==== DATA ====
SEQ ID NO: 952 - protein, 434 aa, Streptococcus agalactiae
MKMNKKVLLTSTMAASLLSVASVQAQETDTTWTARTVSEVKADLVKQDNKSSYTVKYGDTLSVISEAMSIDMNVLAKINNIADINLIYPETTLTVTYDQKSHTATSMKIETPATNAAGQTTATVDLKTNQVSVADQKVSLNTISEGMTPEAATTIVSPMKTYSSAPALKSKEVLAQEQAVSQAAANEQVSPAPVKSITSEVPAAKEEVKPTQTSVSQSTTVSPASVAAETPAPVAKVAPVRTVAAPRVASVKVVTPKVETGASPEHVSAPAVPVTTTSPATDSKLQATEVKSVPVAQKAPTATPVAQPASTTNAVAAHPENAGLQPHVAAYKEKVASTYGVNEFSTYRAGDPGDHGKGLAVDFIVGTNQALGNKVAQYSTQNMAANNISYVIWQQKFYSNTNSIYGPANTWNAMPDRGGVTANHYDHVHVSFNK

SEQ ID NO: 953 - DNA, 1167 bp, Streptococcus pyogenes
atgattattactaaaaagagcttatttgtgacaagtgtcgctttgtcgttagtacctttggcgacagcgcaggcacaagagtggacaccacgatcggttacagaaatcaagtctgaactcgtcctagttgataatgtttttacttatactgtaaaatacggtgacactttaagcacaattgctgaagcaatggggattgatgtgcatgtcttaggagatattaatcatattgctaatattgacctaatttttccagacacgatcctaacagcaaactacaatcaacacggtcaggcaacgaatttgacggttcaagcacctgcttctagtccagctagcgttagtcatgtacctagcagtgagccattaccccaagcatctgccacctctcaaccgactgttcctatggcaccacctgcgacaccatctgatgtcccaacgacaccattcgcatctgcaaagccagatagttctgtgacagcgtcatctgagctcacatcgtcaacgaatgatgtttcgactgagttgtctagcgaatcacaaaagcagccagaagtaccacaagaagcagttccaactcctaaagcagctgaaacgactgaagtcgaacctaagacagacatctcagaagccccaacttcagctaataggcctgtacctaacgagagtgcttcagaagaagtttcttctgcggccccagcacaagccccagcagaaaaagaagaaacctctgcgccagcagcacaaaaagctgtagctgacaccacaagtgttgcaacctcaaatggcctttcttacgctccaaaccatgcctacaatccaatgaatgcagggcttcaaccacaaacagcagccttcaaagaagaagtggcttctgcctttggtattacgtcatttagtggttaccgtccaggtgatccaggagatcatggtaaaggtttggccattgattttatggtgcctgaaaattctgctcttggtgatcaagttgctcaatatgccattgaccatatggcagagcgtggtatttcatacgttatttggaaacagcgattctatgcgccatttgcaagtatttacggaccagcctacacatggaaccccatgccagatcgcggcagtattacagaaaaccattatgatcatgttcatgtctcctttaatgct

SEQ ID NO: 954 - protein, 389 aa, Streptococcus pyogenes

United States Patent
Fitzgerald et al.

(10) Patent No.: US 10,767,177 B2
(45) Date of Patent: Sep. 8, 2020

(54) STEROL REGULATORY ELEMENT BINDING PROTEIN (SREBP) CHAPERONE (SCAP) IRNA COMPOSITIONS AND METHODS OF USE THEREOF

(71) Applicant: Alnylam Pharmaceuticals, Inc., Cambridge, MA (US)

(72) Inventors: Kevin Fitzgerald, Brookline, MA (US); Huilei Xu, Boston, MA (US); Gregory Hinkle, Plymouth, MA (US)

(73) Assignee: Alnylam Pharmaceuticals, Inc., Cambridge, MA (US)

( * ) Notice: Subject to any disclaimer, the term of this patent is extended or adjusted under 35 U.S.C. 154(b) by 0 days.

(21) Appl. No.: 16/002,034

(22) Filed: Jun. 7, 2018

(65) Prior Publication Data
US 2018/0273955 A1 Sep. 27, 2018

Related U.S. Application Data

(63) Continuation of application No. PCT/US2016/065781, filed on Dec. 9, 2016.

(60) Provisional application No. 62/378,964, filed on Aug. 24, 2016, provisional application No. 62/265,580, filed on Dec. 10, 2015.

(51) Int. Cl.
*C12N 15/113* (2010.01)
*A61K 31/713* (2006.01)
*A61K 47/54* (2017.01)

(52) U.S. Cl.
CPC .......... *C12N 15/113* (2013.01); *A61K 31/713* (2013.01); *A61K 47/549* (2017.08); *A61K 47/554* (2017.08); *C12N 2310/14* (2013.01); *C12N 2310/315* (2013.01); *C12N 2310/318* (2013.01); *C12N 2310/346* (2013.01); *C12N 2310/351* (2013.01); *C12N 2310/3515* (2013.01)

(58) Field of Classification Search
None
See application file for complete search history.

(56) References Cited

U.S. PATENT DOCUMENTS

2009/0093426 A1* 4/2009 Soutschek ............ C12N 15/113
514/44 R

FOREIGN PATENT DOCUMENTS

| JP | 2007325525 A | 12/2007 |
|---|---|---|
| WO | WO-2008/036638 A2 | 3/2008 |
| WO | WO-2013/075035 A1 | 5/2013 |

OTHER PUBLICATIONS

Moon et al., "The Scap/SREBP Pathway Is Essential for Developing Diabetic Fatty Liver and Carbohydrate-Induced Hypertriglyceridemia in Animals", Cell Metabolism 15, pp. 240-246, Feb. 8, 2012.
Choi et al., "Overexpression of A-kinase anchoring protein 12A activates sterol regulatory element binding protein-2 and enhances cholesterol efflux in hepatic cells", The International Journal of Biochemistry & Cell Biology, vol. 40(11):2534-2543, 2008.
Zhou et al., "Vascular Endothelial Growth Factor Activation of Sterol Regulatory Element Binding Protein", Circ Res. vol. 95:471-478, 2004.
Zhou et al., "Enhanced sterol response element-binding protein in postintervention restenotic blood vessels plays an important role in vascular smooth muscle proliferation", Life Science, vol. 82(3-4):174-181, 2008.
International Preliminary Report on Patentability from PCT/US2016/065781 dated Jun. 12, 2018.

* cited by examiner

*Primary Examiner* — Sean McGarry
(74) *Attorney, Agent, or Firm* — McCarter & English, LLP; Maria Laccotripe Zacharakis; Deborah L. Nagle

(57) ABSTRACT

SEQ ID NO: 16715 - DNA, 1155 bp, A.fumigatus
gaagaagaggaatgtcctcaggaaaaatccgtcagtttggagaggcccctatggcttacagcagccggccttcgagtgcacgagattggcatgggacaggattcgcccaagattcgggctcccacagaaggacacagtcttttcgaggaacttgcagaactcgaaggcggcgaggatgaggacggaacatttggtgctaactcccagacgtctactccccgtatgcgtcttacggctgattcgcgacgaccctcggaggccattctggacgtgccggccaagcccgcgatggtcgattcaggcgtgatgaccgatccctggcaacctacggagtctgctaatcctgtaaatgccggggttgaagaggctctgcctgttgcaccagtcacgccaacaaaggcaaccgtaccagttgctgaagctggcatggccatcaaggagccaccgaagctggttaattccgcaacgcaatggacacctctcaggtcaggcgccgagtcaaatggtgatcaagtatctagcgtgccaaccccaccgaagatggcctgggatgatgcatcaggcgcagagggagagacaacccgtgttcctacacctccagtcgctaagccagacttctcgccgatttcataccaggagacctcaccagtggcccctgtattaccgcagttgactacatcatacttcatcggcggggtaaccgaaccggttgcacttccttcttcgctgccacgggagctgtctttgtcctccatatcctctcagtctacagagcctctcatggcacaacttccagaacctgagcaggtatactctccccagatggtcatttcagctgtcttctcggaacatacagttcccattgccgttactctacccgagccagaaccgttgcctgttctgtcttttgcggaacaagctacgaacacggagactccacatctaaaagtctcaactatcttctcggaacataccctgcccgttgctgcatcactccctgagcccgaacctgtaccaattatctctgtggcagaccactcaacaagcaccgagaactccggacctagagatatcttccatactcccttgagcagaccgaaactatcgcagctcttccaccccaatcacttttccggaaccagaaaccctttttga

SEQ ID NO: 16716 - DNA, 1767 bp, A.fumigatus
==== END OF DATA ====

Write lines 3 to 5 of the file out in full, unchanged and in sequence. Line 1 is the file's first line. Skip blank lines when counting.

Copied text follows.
SEQ ID NO: 953 - DNA, 1167 bp, Streptococcus pyogenes
atgattattactaaaaagagcttatttgtgacaagtgtcgctttgtcgttagtacctttggcgacagcgcaggcacaagagtggacaccacgatcggttacagaaatcaagtctgaactcgtcctagttgataatgtttttacttatactgtaaaatacggtgacactttaagcacaattgctgaagcaatggggattgatgtgcatgtcttaggagatattaatcatattgctaatattgacctaatttttccagacacgatcctaacagcaaactacaatcaacacggtcaggcaacgaatttgacggttcaagcacctgcttctagtccagctagcgttagtcatgtacctagcagtgagccattaccccaagcatctgccacctctcaaccgactgttcctatggcaccacctgcgacaccatctgatgtcccaacgacaccattcgcatctgcaaagccagatagttctgtgacagcgtcatctgagctcacatcgtcaacgaatgatgtttcgactgagttgtctagcgaatcacaaaagcagccagaagtaccacaagaagcagttccaactcctaaagcagctgaaacgactgaagtcgaacctaagacagacatctcagaagccccaacttcagctaataggcctgtacctaacgagagtgcttcagaagaagtttcttctgcggccccagcacaagccccagcagaaaaagaagaaacctctgcgccagcagcacaaaaagctgtagctgacaccacaagtgttgcaacctcaaatggcctttcttacgctccaaaccatgcctacaatccaatgaatgcagggcttcaaccacaaacagcagccttcaaagaagaagtggcttctgcctttggtattacgtcatttagtggttaccgtccaggtgatccaggagatcatggtaaaggtttggccattgattttatggtgcctgaaaattctgctcttggtgatcaagttgctcaatatgccattgaccatatggcagagcgtggtatttcatacgttatttggaaacagcgattctatgcgccatttgcaagtatttacggaccagcctacacatggaaccccatgccagatcgcggcagtattacagaaaaccattatgatcatgttcatgtctcctttaatgct

SEQ ID NO: 954 - protein, 389 aa, Streptococcus pyogenes